Michael Kotutwa Johnson, a PhD candidate in the School of Natural Resources and Environment and a member of the Hopi Tribe in northern Arizona, won the 1st Place Overall Award for the 2016 Fall Fest poster competition. The competition was sponsored by the Institute of the Environment and came with a $500 award.
Johnson's poster was titled, “A Manual to Preserve Hopi Agriculture Conservation Techniques for an Era of Climate Change.”
Abstract for Johnson's presentation:
Since time immemorial the Hopi people have lived and farmed in the semi-arid region of the Little Colorado Plateau. Despite climatic fluctuations such as periods of drought they continue to raise crops (corn, beans and squash) without the aid of man-made irrigation systems, herbicides and pesticides. I am developing a manual that documents Hopi agriculture conservation techniques as a way of preserving Hopi indigenous knowledge. These techniques have been tested and adapted over a longer period of time than western based agriculture has existed. The manual may be used as an example for the preservation of Indigenous agricultural systems located on arid, semi-arid and non-arid regions throughout the globe.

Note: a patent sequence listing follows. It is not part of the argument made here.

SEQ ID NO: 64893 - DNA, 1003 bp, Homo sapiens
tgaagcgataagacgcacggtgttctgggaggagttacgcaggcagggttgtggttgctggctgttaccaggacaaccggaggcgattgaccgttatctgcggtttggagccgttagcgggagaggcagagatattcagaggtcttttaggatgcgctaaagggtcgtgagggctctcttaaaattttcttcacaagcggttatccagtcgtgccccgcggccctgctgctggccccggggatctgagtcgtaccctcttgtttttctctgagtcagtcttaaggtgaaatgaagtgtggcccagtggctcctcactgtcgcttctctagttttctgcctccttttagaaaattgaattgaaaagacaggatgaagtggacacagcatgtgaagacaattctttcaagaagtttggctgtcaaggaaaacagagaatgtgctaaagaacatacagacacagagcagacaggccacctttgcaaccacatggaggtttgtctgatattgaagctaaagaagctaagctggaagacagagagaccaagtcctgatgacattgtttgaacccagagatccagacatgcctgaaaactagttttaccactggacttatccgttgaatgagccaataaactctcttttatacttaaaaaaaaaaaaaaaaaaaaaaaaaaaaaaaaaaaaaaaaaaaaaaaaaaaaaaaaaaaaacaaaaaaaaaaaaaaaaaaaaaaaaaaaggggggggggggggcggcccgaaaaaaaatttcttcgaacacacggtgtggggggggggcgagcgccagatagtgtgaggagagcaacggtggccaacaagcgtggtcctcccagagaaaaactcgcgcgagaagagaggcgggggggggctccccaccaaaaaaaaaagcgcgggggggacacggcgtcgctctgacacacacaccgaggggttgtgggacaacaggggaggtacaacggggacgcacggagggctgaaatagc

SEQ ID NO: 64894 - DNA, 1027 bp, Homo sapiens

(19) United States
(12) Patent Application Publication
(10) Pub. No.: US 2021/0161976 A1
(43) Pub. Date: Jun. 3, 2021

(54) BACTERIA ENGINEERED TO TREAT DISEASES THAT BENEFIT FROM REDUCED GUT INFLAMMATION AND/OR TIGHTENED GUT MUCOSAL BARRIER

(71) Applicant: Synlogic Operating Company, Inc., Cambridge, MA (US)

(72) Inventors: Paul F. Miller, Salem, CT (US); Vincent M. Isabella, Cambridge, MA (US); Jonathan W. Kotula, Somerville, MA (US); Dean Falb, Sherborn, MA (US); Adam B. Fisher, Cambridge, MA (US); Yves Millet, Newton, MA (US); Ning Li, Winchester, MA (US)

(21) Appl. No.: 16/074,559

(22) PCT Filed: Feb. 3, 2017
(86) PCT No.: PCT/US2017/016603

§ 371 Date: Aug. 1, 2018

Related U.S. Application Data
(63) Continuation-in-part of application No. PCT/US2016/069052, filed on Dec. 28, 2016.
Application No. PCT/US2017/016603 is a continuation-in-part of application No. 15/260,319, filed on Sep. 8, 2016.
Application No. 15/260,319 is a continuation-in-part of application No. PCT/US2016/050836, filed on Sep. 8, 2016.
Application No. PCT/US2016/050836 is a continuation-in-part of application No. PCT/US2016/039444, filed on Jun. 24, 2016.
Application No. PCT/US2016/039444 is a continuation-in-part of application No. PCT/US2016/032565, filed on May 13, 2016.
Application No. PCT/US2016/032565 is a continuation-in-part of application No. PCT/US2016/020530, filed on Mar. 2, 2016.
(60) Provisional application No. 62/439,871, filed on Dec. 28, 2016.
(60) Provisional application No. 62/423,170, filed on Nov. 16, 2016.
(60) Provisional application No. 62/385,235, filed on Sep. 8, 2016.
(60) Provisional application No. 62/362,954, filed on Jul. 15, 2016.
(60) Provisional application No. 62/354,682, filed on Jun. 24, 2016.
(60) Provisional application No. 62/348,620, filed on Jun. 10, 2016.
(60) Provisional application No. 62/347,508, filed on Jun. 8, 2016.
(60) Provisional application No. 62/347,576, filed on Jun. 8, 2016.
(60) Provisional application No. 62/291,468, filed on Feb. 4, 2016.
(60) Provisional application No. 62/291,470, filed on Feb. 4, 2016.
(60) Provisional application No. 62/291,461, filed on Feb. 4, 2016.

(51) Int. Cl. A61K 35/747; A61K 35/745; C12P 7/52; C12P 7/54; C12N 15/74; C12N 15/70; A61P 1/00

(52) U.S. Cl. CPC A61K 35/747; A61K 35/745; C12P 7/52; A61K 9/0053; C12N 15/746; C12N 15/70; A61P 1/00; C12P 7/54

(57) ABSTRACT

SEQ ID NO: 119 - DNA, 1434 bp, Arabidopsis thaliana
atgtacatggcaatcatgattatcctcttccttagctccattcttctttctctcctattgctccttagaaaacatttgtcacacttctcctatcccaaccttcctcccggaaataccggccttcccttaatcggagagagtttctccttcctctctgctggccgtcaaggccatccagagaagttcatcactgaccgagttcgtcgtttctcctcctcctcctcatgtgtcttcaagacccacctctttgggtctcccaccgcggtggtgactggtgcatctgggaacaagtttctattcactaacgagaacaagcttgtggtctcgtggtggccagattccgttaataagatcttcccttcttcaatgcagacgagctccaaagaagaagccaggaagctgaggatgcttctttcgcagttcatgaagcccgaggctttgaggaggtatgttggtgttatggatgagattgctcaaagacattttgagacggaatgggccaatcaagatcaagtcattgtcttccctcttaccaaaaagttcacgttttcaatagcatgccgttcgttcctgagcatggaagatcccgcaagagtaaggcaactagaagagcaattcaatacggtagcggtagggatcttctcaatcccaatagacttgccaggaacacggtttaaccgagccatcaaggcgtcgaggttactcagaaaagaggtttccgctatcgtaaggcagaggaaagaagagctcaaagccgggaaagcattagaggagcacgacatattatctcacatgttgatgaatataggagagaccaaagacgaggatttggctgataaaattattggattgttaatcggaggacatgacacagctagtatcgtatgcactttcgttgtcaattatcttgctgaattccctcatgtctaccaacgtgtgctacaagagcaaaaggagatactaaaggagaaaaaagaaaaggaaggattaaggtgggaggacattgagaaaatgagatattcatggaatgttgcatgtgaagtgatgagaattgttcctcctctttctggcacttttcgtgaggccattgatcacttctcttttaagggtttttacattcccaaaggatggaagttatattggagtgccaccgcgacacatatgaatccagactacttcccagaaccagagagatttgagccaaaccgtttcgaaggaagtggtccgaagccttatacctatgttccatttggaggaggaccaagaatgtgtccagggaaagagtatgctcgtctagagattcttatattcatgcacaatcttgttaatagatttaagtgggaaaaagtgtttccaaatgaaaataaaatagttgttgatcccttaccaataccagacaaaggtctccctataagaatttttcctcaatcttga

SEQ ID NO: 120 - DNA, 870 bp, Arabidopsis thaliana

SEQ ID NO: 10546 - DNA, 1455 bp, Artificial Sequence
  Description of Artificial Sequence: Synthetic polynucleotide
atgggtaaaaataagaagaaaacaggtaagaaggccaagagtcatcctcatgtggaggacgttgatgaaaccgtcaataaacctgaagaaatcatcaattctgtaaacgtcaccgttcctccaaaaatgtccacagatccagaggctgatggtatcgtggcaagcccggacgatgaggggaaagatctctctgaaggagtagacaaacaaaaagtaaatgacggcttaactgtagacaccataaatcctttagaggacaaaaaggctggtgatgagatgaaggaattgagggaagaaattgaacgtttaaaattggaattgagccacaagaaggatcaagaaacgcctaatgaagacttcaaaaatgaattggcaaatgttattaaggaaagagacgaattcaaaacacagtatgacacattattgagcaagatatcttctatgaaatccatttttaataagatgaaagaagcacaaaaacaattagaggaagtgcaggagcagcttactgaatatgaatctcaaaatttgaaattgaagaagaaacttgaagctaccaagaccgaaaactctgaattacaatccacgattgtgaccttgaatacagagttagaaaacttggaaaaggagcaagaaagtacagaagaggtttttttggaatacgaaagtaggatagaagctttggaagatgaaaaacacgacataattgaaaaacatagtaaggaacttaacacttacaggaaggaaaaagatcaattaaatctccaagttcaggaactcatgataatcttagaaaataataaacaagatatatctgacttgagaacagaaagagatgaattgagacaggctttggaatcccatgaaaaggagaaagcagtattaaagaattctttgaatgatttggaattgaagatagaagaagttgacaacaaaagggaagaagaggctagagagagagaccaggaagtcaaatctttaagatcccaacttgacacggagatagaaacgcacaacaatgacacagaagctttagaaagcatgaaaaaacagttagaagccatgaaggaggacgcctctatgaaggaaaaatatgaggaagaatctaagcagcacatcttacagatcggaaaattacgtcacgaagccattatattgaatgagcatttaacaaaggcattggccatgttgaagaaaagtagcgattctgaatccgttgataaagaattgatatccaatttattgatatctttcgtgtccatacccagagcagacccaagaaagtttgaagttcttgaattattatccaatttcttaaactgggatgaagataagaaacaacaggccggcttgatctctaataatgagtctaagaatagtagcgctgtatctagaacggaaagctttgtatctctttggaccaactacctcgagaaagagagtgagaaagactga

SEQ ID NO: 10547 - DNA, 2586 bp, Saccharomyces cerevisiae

Photo by Maria Elena Peterson